MDF: Skate Hard Idaho is a collection of a few things under one roof all with one mission; to build the skate scene in East Idaho. It started two years ago as a tiny mobile skate shop, selling a very core selection of product out of a mini van when we would session local parks. That then led to building an indoor mini, having events and contests. Everything kept snowballing into doing more things, last winter I approached the local roller skating rink about doing a skateboard night. We built the ramps and took them in, they charged skaters $5 for 2 and half hours. We had a great turn out every week but then we started getting shorted on time, having nights cancelled with no notice. I was doing all the marketing, all the work, all for my love of skating and wanting the locals to have a place to skate, they were just collecting the money and then screwing us. My wife, Hilary asked me one night what it would take to do all of this for real and open the park I had always wanted. We opened officially in March. We have a small, DIY indoor park and a shop carrying core brands that I believe in. We have thrown a few music shows for local bands and we also do an old school style zine under the Potato Bong name and a few other stupid things for fun. While it is a business, the focus is clearly not money, we only charge $2 to skate all day, our decks sell for only $48. I hate how chessy it sounds but it is more like a club house than a business.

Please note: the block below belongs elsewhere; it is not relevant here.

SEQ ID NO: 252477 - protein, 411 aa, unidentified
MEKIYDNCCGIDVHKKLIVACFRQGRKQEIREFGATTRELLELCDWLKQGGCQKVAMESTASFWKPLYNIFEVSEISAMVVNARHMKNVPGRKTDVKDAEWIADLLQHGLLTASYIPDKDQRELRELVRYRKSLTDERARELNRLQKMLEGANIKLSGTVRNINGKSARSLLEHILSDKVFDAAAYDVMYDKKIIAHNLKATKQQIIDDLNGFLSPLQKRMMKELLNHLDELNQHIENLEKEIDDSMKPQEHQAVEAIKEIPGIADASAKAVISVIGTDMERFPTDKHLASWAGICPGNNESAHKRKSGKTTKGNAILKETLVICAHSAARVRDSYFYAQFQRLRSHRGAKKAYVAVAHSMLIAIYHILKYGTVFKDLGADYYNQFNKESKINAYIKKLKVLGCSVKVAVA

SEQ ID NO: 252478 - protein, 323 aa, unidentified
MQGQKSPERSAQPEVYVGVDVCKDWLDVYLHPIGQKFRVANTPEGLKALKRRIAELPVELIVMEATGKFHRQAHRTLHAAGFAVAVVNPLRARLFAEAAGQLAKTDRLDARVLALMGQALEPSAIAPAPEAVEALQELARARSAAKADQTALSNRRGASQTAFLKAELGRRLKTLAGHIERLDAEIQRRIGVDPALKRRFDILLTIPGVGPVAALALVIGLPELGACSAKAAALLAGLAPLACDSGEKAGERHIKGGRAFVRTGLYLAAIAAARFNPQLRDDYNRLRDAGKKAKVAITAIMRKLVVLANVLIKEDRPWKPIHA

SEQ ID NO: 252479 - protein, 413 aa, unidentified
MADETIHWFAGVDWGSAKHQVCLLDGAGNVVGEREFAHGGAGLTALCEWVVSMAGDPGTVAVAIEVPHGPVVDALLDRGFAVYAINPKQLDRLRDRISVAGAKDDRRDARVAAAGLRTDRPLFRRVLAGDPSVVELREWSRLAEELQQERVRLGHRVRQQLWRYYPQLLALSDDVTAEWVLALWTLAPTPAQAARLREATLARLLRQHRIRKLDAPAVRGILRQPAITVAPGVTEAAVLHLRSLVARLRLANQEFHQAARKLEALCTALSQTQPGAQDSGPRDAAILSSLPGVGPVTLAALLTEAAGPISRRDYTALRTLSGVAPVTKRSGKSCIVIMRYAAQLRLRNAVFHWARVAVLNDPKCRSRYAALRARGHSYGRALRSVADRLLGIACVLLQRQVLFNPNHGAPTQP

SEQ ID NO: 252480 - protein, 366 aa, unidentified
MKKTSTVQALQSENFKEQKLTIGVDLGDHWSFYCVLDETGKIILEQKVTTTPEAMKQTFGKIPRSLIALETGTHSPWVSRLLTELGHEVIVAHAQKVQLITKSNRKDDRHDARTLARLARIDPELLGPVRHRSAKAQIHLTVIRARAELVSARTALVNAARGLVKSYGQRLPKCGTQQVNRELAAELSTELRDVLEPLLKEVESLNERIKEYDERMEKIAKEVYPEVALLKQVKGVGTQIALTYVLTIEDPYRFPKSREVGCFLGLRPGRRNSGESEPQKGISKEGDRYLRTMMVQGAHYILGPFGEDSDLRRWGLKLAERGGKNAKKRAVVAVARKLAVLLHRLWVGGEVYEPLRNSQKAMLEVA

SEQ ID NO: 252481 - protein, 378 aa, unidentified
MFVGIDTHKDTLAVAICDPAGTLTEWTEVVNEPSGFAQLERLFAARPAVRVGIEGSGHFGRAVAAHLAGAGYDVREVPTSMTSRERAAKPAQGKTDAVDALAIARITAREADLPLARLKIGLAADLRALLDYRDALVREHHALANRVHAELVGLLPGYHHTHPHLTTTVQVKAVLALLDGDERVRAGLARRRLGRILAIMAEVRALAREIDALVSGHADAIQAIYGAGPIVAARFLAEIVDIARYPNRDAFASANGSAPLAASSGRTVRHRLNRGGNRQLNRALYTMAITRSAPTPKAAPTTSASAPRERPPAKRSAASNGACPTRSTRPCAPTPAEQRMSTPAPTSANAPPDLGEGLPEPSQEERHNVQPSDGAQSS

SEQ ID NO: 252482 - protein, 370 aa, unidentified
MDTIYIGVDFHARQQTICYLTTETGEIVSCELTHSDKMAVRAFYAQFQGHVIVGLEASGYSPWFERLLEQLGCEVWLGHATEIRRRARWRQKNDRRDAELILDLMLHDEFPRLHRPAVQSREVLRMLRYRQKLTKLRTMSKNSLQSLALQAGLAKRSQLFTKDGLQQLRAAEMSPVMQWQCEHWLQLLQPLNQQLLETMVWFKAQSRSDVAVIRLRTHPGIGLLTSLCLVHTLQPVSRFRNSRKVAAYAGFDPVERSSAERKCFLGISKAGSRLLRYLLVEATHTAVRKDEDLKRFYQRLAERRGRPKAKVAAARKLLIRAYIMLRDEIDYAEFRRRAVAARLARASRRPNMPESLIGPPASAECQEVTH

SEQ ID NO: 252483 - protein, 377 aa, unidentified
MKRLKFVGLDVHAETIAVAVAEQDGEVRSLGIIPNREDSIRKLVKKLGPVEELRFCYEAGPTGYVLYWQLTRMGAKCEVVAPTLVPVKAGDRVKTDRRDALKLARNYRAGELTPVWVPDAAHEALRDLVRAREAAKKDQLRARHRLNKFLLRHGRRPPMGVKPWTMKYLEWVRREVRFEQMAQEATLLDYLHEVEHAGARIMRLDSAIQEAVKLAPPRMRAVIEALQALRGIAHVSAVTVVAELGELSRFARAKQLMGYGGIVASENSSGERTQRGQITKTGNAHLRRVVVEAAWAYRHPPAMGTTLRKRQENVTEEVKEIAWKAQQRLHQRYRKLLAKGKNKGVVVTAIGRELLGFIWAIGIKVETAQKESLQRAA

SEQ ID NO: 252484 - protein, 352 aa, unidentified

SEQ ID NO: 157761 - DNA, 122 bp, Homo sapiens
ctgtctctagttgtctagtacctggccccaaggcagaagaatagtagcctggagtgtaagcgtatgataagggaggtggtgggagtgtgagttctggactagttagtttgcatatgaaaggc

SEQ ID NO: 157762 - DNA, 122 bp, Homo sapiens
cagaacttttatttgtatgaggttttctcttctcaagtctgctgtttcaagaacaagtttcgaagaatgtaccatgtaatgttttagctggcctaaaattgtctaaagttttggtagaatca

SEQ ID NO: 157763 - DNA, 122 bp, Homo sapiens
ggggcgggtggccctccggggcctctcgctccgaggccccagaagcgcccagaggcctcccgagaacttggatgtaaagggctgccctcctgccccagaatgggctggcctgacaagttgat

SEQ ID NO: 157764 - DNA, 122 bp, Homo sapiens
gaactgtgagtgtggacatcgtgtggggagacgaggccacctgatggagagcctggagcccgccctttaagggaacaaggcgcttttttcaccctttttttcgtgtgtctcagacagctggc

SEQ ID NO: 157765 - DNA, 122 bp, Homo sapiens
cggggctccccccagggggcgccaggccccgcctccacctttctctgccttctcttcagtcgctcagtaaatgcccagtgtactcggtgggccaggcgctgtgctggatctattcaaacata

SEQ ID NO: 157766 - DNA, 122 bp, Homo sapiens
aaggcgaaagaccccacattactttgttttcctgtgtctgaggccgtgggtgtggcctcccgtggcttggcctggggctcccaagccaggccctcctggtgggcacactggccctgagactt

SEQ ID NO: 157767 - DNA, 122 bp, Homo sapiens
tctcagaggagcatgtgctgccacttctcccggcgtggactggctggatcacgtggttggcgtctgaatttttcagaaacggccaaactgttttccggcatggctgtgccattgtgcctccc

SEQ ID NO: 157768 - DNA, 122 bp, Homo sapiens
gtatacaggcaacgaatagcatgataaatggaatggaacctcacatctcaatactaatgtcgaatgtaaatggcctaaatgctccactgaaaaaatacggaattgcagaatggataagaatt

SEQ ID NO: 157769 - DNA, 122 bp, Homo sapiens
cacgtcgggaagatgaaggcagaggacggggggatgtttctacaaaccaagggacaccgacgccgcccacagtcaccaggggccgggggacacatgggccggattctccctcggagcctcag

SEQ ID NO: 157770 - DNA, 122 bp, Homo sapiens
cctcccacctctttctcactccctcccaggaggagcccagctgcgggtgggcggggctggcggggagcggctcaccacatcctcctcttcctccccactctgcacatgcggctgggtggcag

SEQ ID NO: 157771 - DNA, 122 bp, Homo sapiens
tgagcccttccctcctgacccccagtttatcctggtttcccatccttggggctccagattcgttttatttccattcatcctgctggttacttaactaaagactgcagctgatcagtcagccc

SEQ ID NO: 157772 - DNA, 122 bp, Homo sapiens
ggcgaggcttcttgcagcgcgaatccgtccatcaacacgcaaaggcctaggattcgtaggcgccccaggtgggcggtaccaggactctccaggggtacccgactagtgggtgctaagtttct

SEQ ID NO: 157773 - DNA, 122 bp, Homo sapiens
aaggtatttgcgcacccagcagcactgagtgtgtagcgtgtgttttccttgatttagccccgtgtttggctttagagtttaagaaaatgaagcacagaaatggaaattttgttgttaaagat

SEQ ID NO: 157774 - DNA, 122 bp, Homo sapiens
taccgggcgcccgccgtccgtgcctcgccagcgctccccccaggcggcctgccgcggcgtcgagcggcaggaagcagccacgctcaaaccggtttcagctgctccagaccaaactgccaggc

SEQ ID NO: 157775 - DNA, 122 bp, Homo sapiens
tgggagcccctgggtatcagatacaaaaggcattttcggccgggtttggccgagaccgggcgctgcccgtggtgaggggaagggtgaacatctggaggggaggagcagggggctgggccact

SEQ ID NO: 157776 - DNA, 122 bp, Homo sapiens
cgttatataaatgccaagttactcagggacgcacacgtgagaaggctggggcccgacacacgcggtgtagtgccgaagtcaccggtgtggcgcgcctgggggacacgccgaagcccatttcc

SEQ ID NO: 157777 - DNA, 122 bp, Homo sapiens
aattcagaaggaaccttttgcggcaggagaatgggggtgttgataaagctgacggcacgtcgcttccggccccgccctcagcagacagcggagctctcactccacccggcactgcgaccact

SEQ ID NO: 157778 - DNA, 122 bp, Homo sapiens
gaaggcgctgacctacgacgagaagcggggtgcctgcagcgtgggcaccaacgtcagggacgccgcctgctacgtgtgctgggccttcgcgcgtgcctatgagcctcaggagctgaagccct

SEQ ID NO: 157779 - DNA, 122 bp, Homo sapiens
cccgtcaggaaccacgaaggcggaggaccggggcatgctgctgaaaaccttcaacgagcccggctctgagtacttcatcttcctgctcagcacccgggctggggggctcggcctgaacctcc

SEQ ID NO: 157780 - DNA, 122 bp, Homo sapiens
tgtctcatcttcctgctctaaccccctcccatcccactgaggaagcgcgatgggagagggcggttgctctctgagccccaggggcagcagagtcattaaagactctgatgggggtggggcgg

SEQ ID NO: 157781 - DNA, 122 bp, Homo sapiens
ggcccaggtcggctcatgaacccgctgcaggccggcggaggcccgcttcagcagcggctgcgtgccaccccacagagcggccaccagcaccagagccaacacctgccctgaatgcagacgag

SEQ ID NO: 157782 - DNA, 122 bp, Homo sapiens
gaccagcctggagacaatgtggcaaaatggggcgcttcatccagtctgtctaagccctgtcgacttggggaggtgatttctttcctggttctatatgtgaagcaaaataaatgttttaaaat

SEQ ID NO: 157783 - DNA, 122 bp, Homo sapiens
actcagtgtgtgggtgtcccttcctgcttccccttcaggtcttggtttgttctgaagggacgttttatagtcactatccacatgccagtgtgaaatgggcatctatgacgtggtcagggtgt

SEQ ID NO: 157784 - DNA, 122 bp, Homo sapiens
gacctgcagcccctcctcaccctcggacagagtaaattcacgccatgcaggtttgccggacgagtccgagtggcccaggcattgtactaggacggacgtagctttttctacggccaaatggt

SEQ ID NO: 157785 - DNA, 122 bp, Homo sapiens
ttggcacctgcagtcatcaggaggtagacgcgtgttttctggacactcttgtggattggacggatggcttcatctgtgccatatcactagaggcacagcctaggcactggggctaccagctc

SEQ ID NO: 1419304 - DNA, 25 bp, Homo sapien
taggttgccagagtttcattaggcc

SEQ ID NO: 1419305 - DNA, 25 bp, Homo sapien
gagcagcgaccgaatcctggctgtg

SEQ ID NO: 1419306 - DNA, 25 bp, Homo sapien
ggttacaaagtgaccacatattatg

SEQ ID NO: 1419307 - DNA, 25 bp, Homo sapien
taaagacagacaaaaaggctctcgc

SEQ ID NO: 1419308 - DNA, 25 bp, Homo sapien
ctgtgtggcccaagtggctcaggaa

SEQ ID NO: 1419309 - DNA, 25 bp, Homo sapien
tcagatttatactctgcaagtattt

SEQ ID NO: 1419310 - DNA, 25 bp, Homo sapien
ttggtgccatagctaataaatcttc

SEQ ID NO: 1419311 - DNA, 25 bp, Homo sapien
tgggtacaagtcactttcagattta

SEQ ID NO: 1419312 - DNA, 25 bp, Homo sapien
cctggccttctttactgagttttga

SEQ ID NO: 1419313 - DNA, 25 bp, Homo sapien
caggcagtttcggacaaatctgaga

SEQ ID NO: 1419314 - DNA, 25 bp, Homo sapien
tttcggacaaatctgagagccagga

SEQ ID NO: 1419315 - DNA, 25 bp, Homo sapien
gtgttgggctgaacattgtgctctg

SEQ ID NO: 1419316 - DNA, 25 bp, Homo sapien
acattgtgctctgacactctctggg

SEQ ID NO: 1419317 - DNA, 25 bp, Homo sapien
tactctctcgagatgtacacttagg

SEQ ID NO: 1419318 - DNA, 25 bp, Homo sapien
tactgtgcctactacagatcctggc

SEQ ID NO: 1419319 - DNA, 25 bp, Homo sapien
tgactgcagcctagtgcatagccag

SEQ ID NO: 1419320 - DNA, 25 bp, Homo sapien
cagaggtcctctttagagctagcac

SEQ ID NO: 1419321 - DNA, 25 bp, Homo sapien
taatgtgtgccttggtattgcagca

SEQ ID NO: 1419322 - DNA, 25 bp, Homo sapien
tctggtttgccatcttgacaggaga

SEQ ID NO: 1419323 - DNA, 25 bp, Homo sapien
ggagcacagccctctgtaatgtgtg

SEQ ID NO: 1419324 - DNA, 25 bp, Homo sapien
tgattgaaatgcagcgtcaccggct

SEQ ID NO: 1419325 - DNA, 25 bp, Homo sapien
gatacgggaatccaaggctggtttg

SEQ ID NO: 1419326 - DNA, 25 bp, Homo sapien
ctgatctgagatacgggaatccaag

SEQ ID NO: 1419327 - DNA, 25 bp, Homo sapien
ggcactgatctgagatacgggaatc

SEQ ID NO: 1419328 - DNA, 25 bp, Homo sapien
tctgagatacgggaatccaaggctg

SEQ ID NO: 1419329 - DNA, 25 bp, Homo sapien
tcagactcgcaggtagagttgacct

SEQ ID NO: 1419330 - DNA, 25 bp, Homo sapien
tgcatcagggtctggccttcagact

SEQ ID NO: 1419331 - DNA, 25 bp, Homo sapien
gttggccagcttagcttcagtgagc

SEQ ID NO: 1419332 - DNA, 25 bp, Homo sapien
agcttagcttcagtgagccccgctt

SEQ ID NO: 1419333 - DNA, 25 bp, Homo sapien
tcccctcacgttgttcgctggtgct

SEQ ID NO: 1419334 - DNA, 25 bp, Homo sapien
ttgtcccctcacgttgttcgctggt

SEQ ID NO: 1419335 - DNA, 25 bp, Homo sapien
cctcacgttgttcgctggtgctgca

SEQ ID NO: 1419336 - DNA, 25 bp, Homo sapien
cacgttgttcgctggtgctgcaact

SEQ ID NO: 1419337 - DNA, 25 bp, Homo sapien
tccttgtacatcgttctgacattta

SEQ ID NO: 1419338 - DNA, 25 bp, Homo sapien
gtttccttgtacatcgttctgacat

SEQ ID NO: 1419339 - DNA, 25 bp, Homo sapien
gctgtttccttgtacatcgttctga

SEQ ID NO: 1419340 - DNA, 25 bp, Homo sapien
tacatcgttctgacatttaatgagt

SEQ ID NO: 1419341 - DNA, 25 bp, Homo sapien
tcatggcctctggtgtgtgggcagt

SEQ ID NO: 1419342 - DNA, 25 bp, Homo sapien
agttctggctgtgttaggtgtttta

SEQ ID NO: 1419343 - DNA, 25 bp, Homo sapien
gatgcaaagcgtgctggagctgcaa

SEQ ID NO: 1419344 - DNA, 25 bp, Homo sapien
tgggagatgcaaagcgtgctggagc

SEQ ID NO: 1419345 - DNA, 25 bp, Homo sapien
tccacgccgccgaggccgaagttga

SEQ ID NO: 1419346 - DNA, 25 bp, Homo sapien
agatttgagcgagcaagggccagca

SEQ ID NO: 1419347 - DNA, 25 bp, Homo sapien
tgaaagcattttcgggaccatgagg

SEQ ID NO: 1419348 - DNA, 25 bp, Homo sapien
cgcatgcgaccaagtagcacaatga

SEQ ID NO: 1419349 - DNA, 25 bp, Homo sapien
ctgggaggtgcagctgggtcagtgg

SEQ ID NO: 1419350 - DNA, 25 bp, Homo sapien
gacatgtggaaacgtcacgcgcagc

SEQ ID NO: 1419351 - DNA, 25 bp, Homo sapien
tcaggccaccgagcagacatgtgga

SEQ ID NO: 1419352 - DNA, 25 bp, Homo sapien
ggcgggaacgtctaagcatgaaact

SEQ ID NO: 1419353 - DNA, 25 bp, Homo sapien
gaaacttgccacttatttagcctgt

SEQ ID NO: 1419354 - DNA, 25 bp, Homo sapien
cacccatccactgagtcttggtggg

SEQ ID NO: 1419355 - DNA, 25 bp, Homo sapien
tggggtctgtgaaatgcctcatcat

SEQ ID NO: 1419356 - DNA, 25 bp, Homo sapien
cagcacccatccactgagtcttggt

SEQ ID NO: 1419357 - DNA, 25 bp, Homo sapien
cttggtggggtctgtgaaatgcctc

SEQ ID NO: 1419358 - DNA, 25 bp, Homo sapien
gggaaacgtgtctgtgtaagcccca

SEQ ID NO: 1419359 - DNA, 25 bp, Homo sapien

OGRT: How does Skate Hard Idaho impact youth?

MDF: It is all about building the scene and supporting skaters. Be it a kid that has never stepped on a skateboard before or a ripper that has skated for a few years we are here to provide a place to skate, a place to grab product and to provide direction and support. We use local talent for the art on our decks, shirts, etc. and kick them 75% of the profit of the sale of those products. I have local skaters help layout the zine and help with our social media pages. And then have some of them help with our skate clinics and special needs activities. I am sorry to repeat what I have already said but this is all about building the scene.